Google Making Improvements to Smartphone Accessibility
When it comes to accessibility, Google is ahead of the curve. The tech giant recently offered up additional changes to enhance smartphone accessibility, not to shy away from improvements. In fact, Google optimizes many of its features and products for accessibility and encourages those who interface with their platforms and products to do the same. In this post, Direct Care Innovations reviews some of Google’s smartphone accessibility and that of other products.
Google Smartphone Accessibility
Hands-free Google devices aren’t new. In fact, many people take advantage of the feature on phones, Google Home, and other products. However, some people in the disabled community have impaired speech or motor skills. Thus, in its most recent development, Google announced enhanced smartphone accessibility with Androids.
The feature allows those living with disabilities to control the device through gestures. Users can look left, right, or up, smile, open their mouth, or raise their eyebrows. Predictably, machine learning is behind the advancement, which utilizes Android’s camera to respond to the gesture queues. You can even customize the commands, which enable the user to make a phone call, send texts, and a whole host of other gesture-driven commands. Those in all 50 U.S. states, Canada, the U.K., and Australia can access the Project Activate tool in the Google Play Store. You can also view a YouTube video to learn more and get started.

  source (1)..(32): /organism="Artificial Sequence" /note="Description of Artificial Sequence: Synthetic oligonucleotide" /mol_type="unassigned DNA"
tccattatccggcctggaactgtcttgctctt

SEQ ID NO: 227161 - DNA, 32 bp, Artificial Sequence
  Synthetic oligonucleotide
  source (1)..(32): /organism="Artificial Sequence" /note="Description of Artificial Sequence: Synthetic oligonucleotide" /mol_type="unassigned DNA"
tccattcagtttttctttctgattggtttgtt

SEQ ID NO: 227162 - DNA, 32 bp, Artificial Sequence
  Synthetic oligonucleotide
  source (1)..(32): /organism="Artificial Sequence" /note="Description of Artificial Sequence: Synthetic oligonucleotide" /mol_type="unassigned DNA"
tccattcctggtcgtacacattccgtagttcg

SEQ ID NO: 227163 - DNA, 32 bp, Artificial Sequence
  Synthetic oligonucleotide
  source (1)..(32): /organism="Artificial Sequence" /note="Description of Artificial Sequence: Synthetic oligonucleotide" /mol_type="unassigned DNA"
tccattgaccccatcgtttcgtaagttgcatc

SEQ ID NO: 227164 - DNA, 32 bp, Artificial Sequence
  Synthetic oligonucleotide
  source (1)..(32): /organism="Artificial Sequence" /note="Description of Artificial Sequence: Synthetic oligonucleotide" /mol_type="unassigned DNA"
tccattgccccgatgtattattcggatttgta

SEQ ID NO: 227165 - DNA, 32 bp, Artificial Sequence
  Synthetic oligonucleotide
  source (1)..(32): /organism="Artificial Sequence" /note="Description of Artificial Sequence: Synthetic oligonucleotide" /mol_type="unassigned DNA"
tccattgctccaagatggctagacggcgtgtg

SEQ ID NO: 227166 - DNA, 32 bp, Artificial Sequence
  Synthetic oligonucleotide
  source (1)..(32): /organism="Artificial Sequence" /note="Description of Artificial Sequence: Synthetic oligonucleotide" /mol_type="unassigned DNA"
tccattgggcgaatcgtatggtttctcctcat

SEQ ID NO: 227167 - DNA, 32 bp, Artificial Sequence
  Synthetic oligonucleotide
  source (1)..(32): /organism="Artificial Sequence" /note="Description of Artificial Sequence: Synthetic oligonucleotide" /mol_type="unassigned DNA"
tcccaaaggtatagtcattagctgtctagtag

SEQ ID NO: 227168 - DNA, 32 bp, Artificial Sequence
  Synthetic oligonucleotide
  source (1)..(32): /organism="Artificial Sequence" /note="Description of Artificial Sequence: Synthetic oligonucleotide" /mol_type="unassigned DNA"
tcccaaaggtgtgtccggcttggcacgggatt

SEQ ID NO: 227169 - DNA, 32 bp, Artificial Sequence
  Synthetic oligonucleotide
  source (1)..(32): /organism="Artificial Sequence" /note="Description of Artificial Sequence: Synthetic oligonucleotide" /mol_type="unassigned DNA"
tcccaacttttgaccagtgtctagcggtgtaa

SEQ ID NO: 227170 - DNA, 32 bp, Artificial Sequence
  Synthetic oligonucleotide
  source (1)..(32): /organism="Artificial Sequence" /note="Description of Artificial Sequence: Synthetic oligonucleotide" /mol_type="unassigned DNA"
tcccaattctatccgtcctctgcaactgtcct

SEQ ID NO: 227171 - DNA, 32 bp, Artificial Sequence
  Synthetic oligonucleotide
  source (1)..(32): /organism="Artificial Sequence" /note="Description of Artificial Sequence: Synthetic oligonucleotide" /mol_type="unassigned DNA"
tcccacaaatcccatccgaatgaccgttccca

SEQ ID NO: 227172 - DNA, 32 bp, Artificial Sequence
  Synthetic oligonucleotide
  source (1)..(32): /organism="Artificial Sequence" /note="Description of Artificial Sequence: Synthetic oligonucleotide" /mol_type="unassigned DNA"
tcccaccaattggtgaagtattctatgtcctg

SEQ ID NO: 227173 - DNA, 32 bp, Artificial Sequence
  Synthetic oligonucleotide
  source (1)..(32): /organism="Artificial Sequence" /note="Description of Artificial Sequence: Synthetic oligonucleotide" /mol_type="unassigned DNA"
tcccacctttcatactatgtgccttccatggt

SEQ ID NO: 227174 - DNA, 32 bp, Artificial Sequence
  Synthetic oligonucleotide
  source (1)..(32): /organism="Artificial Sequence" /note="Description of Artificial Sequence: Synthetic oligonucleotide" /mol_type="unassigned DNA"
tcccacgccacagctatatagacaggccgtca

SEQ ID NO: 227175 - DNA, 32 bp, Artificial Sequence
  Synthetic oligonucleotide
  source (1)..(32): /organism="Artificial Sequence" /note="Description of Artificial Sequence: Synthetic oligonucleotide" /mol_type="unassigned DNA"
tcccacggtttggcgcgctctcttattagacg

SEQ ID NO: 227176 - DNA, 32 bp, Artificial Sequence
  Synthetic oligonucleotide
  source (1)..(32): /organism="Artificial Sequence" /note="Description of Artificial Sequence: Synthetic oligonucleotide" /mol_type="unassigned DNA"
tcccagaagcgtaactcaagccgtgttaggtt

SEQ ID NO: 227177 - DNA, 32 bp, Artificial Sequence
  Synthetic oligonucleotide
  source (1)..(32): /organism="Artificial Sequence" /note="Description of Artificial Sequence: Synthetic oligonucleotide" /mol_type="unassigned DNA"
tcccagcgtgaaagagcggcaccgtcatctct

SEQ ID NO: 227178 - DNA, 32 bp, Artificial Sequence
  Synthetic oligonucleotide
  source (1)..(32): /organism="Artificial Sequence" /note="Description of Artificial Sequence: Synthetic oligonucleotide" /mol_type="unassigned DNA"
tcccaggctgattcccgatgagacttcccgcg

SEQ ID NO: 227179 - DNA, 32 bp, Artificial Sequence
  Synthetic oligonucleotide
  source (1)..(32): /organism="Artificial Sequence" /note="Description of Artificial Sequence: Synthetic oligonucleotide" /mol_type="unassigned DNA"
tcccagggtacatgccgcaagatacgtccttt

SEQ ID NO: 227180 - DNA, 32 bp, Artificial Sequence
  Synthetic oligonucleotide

Other Accessibility Features
In addition to smartphone accessibility, Google’s other products include features for those with disabilities. Below is a list with some of those, but you can view the entire list here.
Accessibility Scanner: Android app creators use this tool to identify opportunities to improve accessibility features within their apps.
Action Blocks: Users implement this feature to streamline common actions from the home screen. For instance, those who frequently call a family member or snap a photo can create an automatic button on the home screen.
Chrome Browser: Google Chrome offers extensions, full-page zoom, screen readers, and other features for those with vision impairment.
Classroom: Whether due to COVID-19 or virtual learning, teachers use Google Classroom to lead, communicate with students, and more. Any student can use the feature, but those with disabilities benefit from the accessibility components.
G-Board: Gboard is a keyboard app that allows Glide Typing, voice typing, and even Morse code.
These products and features highlight just a few of the many available options. View the entire list in the Source links at the end of the article.
Direct Care Innovations Supports an Accessible World for Everyone
We provide business management solutions for Managed Care Organizations at DCI, including everything from government agencies to self-directed care. We believe in making the lives of those we serve more accessible through our Care Management software and features. For that reason, we love to highlight companies that support those living with disabilities, too. If you have EVV, automated workflow, or other needs in any of 50 U.S. states, contact us at (480) 571-7016 or request a free demo.